Retirement is a time for you to relax and enjoy life after a lifetime of working hard. While you may not want to think about additional planning or life logistics now that you no longer have to go to a job every day, the reality is that there are some issues that you should not overlook now that you are in your retirement years.
Estate planning is a comprehensive term for a series of legal documents and decisions that you can make in advance regarding your financial situation and the distribution of your assets after your death. While no one necessarily enjoys having to consider issues surrounding mortality, if you plan in advance, you can bring peace of mind both for yourself and your family.
1. Writing a will
While you do not necessarily have to wait until you retire before writing a will, retirement is a good milestone to aim for. The American Association of Retired Persons, AARP, said that a survey showed that six out of ten Americans do not have a will. It said nearly half of those who responded to the survey did not have a will because they simply had not gotten around to doing it yet, while another nearly one-third responded that they did not have enough assets to merit a will.
2. Setting up advance directives
Advance directives allow you to designate a person you trust who can speak on your behalf if you are no longer able to do so due to an injury or unexpected event that renders you incapacitated. There are different varieties of advance directives, including a health care power of attorney, a living will, and a do-not-resuscitate (DNR) order. Consider your wishes as they relate to what you would want to express if you were no longer able to do so, and get those documents drawn up to protect yourself.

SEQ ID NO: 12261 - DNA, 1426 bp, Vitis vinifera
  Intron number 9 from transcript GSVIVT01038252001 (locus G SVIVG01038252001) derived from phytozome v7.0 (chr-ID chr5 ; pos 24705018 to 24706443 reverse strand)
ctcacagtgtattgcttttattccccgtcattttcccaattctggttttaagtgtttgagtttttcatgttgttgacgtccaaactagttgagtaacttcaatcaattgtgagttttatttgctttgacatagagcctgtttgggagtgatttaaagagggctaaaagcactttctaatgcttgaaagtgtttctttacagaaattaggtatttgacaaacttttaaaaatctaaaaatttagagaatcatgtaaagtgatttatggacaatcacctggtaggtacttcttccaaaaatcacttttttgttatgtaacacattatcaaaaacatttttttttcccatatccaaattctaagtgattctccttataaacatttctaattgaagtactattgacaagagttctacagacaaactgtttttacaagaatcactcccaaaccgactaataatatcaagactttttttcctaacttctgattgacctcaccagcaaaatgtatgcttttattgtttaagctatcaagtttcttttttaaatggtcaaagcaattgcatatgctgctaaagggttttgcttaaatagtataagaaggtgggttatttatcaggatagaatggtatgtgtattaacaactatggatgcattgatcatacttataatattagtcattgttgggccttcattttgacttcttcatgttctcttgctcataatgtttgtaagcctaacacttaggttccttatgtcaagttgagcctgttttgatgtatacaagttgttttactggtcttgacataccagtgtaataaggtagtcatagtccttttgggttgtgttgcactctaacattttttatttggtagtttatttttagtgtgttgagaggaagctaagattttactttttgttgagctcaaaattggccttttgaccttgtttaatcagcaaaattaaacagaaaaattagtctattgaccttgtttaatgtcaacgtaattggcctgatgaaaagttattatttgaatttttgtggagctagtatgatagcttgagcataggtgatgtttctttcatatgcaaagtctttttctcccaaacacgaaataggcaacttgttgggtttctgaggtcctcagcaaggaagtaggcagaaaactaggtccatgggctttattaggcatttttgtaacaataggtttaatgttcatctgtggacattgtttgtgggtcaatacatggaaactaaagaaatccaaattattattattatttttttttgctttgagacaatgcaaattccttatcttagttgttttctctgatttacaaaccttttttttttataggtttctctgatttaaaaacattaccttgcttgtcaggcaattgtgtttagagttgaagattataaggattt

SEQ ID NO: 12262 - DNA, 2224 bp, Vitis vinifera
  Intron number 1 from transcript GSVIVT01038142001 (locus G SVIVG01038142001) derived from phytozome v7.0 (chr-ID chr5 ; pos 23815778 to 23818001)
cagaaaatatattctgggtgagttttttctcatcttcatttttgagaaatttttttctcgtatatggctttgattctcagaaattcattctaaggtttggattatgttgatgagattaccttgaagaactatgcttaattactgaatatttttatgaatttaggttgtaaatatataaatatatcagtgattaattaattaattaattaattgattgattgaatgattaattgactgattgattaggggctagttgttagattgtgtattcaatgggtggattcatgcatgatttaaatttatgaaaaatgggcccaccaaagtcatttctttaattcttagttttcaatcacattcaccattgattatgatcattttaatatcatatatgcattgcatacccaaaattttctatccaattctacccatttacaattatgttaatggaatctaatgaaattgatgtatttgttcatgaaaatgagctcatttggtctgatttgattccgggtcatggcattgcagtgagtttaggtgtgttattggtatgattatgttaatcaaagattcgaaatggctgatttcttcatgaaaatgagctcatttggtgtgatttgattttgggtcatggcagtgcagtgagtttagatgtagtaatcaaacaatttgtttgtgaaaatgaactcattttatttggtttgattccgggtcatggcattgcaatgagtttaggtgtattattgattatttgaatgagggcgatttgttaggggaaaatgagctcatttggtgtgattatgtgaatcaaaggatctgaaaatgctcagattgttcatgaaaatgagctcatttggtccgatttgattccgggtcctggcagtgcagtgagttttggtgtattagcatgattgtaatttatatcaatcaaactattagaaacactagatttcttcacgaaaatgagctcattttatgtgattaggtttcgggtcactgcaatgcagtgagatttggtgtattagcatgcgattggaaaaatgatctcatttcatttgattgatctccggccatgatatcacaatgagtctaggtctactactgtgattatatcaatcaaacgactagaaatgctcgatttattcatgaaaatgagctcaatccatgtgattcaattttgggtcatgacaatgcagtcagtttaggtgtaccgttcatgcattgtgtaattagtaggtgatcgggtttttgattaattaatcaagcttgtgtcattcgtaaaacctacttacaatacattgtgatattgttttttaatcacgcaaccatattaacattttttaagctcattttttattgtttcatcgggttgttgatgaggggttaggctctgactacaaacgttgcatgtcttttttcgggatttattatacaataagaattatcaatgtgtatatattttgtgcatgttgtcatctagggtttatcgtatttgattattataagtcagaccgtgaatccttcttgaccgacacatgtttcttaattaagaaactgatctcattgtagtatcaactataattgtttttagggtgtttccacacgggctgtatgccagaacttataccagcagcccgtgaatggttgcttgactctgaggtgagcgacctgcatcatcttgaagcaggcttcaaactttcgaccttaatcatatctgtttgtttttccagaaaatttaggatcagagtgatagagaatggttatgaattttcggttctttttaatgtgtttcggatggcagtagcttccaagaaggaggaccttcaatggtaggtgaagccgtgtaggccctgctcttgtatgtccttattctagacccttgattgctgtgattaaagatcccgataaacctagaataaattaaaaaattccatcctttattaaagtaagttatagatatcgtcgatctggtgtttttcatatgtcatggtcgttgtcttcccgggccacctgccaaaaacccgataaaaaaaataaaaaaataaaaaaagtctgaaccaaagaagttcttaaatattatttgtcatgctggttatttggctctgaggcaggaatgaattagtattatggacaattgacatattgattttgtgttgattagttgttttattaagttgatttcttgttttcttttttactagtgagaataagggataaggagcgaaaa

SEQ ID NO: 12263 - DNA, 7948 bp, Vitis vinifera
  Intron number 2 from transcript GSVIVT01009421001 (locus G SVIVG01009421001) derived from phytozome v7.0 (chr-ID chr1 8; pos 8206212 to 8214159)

3. Update your beneficiaries
Do not neglect to occasionally review who you have designated as a beneficiary on your various accounts, such as life insurance, retirement accounts and bank accounts. If you have designations for people whom you no longer wish to have access to these accounts or funds, make sure you change the designations.
Not having a comprehensive estate plan can cause financial and emotional hardship for your family. Taking these three simple areas into account once you reach retirement may help you tie up some loose ends and ensure that your affairs continue to run smoothly, even after your death.